Disciplinary Panel’s penalties and reasons for penalties (Paul Gilligan)
The following lays out the Disciplinary Panel’s penalties, and written reasons regarding their findings from a hearing involving trainer Paul Gilligan who is licenced by the Irish Turf Club.
The hearing took place on 21 and 22 March, and at the hearing Paul Gilligan was found in breach of Rule (A)74 and Rule (A)29.1 by virtue of the fact that he knew DUBAWI PHANTOM was not qualified to enter a race in Great Britain as it had participated at an unrecognised meeting in Ireland. He was informed that his penalty and reasons for penalty would follow in due course.
1. The Disciplinary Panel of the British Horseracing Authority (‘BHA’) met on 21 and 22 March 2016 to consider the case of DUBAWI PHANTOM and whether it should be disqualified under Rule (A)74, Ground 4 of the Rules of Racing from a race run in Great Britain as a result of previously running at an unrecognised meeting in Ireland (contrary to paragraph 13 of the Schedule (B)2). The Panel also considered the related issue of whether licensed trainer Mr Paul Gilligan has breached Rule (A)29.1 by virtue of the fact that he knew DUBAWI PHANTOM was not qualified to enter a race in Great Britain as it had participated at an unrecognised meeting in Ireland.
2. The Panel consisted of Matthew Lohn (Chair), Philip Curl and Diana Powles. The BHA was represented by Mr Tim Naylor instructed by Miss Danielle Sharkey. Mr Gilligan was present and was represented by Mr Michael Keane.
3. The relevant events which formed the subject matter of this enquiry began in August 2013 when a gelding named AYRES ROCK ran in the Dingle Festival. It was, according to Mr Gilligan’s version of events, later that year in November 2013 when a gelding, DUBAWI PHANTOM, was acquired by him from a man named Finbar Ryan. Mr Gilligan, told the BHA that he trained the gelding from 8 May 2014 to 1 March 2015. During that period it was entered and ran in races at Kilbeggan (twice), Sligo and Uttoxeter. The gelding was declared to run at the Galway festival in July 2014 but a Steward’s Enquiry was held on 30 July 2014 in respect of allegations that DUBAWI PHANTOM and AYRES ROCK were the same horse. DUBAWI PHANTOM was withdrawn from the race at Galway pending further investigation.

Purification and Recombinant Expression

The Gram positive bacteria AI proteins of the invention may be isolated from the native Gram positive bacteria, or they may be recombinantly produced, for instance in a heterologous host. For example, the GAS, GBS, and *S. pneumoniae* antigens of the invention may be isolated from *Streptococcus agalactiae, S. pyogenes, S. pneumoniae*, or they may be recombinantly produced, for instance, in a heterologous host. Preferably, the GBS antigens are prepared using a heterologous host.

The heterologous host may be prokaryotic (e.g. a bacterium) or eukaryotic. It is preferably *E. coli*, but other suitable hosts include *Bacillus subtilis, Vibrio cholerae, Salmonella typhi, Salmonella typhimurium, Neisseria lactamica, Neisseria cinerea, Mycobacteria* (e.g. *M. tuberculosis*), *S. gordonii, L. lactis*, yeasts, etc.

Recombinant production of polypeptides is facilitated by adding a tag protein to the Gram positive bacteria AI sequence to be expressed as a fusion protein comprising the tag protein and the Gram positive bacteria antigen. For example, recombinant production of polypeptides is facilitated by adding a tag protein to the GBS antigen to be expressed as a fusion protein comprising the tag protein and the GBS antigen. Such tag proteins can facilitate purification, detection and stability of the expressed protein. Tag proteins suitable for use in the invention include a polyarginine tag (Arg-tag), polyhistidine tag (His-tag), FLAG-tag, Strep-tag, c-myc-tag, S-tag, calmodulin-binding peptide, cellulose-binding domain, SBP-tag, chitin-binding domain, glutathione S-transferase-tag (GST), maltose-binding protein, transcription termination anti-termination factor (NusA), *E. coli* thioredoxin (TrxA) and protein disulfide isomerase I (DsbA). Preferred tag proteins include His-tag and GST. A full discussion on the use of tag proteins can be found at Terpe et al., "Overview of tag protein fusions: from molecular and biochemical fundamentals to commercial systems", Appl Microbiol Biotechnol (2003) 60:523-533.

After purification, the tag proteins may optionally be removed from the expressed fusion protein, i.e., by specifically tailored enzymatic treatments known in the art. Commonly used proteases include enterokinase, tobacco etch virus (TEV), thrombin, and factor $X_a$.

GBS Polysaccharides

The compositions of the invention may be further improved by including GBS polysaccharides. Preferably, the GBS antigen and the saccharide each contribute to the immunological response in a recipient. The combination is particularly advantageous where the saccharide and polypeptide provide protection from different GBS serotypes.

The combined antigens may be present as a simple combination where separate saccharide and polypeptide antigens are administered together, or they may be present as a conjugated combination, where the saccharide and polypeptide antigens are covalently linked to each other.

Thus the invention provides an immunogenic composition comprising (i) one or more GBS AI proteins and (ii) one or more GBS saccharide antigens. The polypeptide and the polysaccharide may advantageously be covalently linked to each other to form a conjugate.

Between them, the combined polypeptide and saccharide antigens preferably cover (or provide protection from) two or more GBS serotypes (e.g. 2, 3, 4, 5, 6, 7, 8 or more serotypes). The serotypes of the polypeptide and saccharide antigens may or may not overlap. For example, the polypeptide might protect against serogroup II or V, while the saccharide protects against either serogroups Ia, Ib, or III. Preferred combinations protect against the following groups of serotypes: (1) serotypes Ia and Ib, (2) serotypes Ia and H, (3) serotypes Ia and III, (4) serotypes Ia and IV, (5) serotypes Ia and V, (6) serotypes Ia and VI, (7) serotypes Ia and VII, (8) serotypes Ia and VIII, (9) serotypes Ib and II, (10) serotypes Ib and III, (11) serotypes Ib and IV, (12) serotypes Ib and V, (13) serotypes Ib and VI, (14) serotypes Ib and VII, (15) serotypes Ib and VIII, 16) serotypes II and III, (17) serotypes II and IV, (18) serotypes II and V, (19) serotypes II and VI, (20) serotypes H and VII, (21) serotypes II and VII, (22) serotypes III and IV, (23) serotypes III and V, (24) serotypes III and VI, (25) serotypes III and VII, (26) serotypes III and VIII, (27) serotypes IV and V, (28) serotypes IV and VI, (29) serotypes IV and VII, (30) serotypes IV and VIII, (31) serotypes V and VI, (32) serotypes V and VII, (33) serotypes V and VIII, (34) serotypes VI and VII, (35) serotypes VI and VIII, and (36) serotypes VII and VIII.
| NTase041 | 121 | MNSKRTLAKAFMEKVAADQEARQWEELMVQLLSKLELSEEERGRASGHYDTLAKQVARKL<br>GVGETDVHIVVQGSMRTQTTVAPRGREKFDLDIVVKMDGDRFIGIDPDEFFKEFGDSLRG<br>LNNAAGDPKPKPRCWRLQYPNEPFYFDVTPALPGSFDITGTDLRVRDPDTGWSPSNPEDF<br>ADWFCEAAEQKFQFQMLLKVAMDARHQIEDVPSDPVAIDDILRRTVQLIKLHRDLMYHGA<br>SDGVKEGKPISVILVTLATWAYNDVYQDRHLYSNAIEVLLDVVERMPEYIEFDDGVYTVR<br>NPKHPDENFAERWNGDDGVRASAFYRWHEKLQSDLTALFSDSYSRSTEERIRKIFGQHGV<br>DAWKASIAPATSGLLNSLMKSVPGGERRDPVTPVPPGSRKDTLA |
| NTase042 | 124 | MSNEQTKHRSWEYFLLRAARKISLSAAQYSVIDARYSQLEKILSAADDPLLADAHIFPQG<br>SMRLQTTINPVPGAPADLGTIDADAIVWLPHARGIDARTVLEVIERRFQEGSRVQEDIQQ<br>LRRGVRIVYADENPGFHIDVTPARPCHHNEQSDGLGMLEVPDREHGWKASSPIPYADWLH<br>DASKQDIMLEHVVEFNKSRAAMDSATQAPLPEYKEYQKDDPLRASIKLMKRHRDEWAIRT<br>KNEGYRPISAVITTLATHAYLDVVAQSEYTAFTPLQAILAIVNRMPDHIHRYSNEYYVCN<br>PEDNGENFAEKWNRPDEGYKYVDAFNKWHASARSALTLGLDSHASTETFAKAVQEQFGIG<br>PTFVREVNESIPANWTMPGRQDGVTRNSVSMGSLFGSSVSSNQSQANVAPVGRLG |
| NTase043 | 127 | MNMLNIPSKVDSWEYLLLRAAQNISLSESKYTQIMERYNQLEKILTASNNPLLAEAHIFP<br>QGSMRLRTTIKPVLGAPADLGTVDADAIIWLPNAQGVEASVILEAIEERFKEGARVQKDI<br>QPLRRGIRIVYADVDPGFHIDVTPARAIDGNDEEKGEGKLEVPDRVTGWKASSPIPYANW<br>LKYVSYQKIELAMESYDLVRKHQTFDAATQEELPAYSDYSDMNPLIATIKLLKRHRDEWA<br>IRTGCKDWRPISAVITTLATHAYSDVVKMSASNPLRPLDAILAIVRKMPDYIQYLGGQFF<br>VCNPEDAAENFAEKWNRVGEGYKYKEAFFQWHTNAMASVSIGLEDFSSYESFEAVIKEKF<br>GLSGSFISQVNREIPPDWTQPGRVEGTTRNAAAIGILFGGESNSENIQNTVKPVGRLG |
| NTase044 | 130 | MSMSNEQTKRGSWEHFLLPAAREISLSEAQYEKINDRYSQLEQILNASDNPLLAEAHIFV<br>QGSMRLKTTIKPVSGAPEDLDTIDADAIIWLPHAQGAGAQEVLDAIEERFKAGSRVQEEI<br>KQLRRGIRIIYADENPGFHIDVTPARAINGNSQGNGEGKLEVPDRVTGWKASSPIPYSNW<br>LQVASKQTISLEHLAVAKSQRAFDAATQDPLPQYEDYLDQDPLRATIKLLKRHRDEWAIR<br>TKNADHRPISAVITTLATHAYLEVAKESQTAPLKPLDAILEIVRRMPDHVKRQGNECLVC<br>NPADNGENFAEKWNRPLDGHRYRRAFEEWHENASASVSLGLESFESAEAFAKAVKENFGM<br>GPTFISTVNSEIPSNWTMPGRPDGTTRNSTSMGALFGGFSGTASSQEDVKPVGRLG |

4. The Steward’s Inquiry at Galway heard evidence from an Irish Turf Club Veterinary Officer, Terry Smith, and Chris Gordon the Senior Turf Club Security Officer. They informed the Stewards of their belief that DUBAWI PHANTOM, the gelding declared at Galway had also run in the Kingdom Transport and Plant Hire Ltd and the Corney Cremins Trophy race at an unrecognised race meeting at Dingle on 10 August 2013 under the name AYRES ROCK.
5. AYRES ROCK had been ridden in the Dingle race by Mr Gilligan’s twelve year old son, Liam Gilligan. It finished first out of twelve runners and was gazetted as being in the ownership of Mr Joe McNamara.
6. Mr Gordon was present at the races in Dingle and obtained photographs and video coverage of the event. On noticing AYRES ROCK, Mr Gordon made contemporaneous notes in his racecard about the appearance of the gelding. Mr Gordon was also present by the parade ring before the race at Dingle and heard the person (who it turned out was Mr McNamara) leading the horse ask Mr Gilligan if he had ‘given instructions to the jockey yet?’.